9. Career Goals and Objectives: (1/2-¾ page) What techniques did you learn in your PhD lab? What new techniques did you learn in your postdoc lab? Restate the main questions your proposed research will address and the big picture question that you will structure your independent lab around. How will you use the techniques you have already been trained in and what new things do you need to learn? What qualifies your mentor, co-mentor, and collaborators to guide you in obtaining these skills – you should be quite specific here about what skills you need for each aim and exactly how your mentor will help you obtain them. How will learning these new skills help you complete your independent phase aims? Briefly mention how your career development activities which will be listed on the next page will also help you to establish a successful laboratory. Conclude with a reiteration of how the K99 phase will allow you to learn scientific techniques and gain knowledge necessary to be an independent leader in the field of _____.
10. Career development/training activities: (1 page) Make a numbered list. Some examples: 1) Formal interaction with mentors, e.g., lab meeting presentations and one-on-one meetings. 2) Formal advisory committee meetings, e.g., 3 or 4 times per year. Having proper mentorship and oversight is a very important part of this application. A panel of 3 or 4 people including your mentor(s) is sufficient. The advisory committee members should be highly respected/knowledgable in your field. Ask early for their support because they will have to write a letter for you and provide you with their biosketch. 3) Learning new techniques. A great way to do this is to visit another lab. A convenient way to set this up is to learn something new in the lab of one of your advisory committee members. This gives them something to say in their letter of support and also will make them feel more involved in your success. 4) Educational activities. These are imperative! Some suggestions for these would be grant writing courses/workshops, formal coursework at your university (you can simply audit and your institutional letter should include permission to attend these courses), seminar series that you will attend (include past topics and any pertinent speakers who are already scheduled), and attendance at conferences/meetings (give two examples of scheduled meetings that would be the type that you would attend and benefit from ). 5) Mentored job search. How will you go about finding faculty positions? How will your university and mentor help you to prepare? Will you give practice job talks? Is there a formal mechanism for this in your department? What experience do your mentors and advisors have in helping their trainees get jobs (make sure their letters also state these things)?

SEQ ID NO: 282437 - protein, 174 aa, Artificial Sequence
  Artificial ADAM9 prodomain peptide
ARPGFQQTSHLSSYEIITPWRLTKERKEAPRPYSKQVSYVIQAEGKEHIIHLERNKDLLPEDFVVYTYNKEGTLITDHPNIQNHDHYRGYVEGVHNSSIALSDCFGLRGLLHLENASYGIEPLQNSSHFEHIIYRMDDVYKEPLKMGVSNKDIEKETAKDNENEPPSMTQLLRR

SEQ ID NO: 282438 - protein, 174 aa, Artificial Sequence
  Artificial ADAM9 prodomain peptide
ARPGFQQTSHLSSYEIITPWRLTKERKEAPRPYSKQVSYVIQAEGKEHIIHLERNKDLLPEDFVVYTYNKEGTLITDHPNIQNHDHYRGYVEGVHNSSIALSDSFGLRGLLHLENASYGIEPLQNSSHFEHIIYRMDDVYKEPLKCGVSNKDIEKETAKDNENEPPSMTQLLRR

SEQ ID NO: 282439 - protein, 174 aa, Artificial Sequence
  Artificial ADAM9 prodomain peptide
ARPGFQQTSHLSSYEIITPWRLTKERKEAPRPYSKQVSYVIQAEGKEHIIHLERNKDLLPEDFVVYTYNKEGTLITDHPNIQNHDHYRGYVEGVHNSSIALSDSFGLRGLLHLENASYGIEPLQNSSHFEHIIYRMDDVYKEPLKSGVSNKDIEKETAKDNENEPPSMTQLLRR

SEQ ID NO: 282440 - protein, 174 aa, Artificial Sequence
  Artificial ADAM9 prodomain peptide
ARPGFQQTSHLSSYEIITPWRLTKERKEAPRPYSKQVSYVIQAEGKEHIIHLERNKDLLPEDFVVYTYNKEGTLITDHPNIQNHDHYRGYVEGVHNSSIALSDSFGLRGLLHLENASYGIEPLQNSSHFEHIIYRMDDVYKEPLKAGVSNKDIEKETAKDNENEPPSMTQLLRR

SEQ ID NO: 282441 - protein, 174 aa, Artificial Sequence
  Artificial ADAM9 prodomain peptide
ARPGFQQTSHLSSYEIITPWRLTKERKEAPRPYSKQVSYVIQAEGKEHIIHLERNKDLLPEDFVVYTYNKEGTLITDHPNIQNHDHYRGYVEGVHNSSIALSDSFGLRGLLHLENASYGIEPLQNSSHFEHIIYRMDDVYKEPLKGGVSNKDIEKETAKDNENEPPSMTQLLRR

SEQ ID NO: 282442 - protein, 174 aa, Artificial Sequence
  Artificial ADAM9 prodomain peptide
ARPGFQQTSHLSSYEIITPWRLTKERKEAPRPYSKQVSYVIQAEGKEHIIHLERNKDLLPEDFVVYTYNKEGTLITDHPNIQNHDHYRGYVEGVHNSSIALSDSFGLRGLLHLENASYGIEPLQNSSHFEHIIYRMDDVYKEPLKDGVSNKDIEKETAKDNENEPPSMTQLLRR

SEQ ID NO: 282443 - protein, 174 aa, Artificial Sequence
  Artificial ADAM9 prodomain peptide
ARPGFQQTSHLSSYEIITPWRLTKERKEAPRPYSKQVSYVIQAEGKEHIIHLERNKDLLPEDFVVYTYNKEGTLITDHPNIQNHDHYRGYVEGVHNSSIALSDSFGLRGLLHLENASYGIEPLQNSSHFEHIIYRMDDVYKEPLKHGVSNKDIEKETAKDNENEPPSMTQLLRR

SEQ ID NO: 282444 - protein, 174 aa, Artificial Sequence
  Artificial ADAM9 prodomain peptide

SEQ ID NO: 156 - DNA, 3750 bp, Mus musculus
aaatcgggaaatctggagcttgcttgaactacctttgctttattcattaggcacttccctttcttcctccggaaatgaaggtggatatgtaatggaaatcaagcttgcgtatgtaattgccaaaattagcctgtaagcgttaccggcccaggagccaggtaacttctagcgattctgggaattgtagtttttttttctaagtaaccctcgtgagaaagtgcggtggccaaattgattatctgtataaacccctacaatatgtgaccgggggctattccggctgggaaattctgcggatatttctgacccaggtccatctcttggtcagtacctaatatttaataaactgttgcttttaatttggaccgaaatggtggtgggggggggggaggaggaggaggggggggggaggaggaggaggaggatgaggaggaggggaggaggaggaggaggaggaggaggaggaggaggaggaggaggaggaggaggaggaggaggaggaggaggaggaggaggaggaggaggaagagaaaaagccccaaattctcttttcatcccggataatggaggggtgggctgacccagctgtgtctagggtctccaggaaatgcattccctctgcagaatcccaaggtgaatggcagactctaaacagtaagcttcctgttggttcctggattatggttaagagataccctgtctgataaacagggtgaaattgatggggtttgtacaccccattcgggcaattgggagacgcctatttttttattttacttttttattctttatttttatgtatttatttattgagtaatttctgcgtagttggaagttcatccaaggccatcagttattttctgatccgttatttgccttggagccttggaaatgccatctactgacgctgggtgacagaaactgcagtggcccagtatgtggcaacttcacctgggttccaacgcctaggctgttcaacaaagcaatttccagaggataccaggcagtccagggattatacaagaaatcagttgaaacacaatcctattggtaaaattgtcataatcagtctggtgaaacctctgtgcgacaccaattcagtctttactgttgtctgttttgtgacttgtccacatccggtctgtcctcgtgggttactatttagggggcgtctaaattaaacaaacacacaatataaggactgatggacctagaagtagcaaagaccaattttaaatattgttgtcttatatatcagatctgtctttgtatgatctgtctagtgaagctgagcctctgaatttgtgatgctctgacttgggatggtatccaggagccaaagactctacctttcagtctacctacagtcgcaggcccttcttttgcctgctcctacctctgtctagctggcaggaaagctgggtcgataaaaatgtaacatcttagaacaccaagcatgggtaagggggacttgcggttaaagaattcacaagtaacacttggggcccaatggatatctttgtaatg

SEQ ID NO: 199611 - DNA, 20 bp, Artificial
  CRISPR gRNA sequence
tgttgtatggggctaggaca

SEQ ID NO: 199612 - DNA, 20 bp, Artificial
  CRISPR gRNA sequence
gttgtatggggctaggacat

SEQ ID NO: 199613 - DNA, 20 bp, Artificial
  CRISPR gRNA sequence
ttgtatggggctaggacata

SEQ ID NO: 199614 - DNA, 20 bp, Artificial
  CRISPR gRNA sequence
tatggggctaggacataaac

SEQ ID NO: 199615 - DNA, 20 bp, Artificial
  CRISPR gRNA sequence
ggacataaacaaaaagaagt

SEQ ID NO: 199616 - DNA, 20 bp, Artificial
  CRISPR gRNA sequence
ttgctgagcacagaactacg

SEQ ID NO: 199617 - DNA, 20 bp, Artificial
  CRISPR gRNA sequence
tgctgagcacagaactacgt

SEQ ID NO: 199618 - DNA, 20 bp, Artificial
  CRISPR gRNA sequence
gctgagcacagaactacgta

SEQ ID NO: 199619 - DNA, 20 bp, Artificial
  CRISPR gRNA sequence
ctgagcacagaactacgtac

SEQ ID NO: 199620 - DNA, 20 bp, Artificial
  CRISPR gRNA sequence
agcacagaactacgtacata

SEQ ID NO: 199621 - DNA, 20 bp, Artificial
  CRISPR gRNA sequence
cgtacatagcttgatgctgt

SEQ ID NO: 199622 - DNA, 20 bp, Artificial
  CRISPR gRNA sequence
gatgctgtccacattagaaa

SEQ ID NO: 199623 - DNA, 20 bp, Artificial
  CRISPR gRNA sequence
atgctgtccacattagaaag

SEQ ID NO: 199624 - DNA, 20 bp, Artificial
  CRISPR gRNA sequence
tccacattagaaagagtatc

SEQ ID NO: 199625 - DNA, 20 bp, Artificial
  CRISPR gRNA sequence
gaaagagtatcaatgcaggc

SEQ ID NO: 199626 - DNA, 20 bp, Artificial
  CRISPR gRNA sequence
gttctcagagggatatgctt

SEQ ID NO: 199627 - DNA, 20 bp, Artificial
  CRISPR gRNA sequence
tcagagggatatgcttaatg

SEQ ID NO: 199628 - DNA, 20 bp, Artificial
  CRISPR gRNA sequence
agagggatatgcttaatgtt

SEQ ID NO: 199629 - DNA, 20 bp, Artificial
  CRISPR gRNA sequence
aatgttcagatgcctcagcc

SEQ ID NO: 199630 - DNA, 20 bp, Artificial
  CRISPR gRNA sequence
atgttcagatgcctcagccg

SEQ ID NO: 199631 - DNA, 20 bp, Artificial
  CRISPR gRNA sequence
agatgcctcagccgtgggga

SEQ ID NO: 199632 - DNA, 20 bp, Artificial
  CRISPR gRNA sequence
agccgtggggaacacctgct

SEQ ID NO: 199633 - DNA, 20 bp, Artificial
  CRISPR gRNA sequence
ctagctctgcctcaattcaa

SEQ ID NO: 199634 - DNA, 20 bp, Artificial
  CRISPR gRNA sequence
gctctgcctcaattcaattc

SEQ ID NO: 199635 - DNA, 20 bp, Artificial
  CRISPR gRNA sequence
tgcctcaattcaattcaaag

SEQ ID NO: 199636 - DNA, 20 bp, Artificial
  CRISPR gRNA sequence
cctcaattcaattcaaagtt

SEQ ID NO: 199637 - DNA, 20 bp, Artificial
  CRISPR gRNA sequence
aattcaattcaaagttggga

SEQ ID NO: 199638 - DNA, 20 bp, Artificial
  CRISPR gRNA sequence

11 Training in RCR: (3/4 page) Write up a summary of the course you attended in grad school and the course you will attend during your K99 period in order to stay current on ethical issues and standard procedures. Be very specific about topics that have been included in the past and the format of the class. The reviewers judge based on 5 criteria: format, subject matter, duration, faculty participation, and frequency. I gave a summary at the bottom of the page for each of these in a bulleted format. This will immediately answer the reviewers’ questions about whether or not your training meets the requirements. Another suggestion is to be sure you list faculty members (and their titles) who have given lectures or led discussions in the past.
12 Mentor letters: (5-10 pages) Ask the mentors to write the letter and let you tweak the wording. They should describe what you’ve done in their lab and how important it is. They should also include any mentoring you’ve done within your lab. They should also clearly state where funding will come from for your supplies during the K99 phase. Any overlap in terms of their own grants should also be explicitly addressed and they MUST state that you will be free to take this project with you to your independent lab. They can also provide a list of publications they think will result from your work including the estimated impact of each paper. They should also list the same career activities that you outlined in your proposal but under each they should state what their role will be in helping you to succeed. They must also state what percentage of your time will be devoted to research and that you won’t have teaching responsibilities. They should conclude with a summary of their own past mentoring accomplishments and their willingness to help you in the same way.
13. Description of Institutional Environment: (3/4 page) Describe how great your university is. What makes it unique, particularly for your field? What seminar series do they have? Who has presented in the past and is scheduled in the future? Who are the relevant famous people in your department or university – list these famous people as they are likely the ones who draw the famous seminar speakers, etc. What seminar series can you participate in to gain practice? Of the coursework you proposed, explain why this course is particularly great at your university. End with a mention of the shared resource facilities that you will use and direct the reviewers to the list of equipment that you included in the resources/facilities section.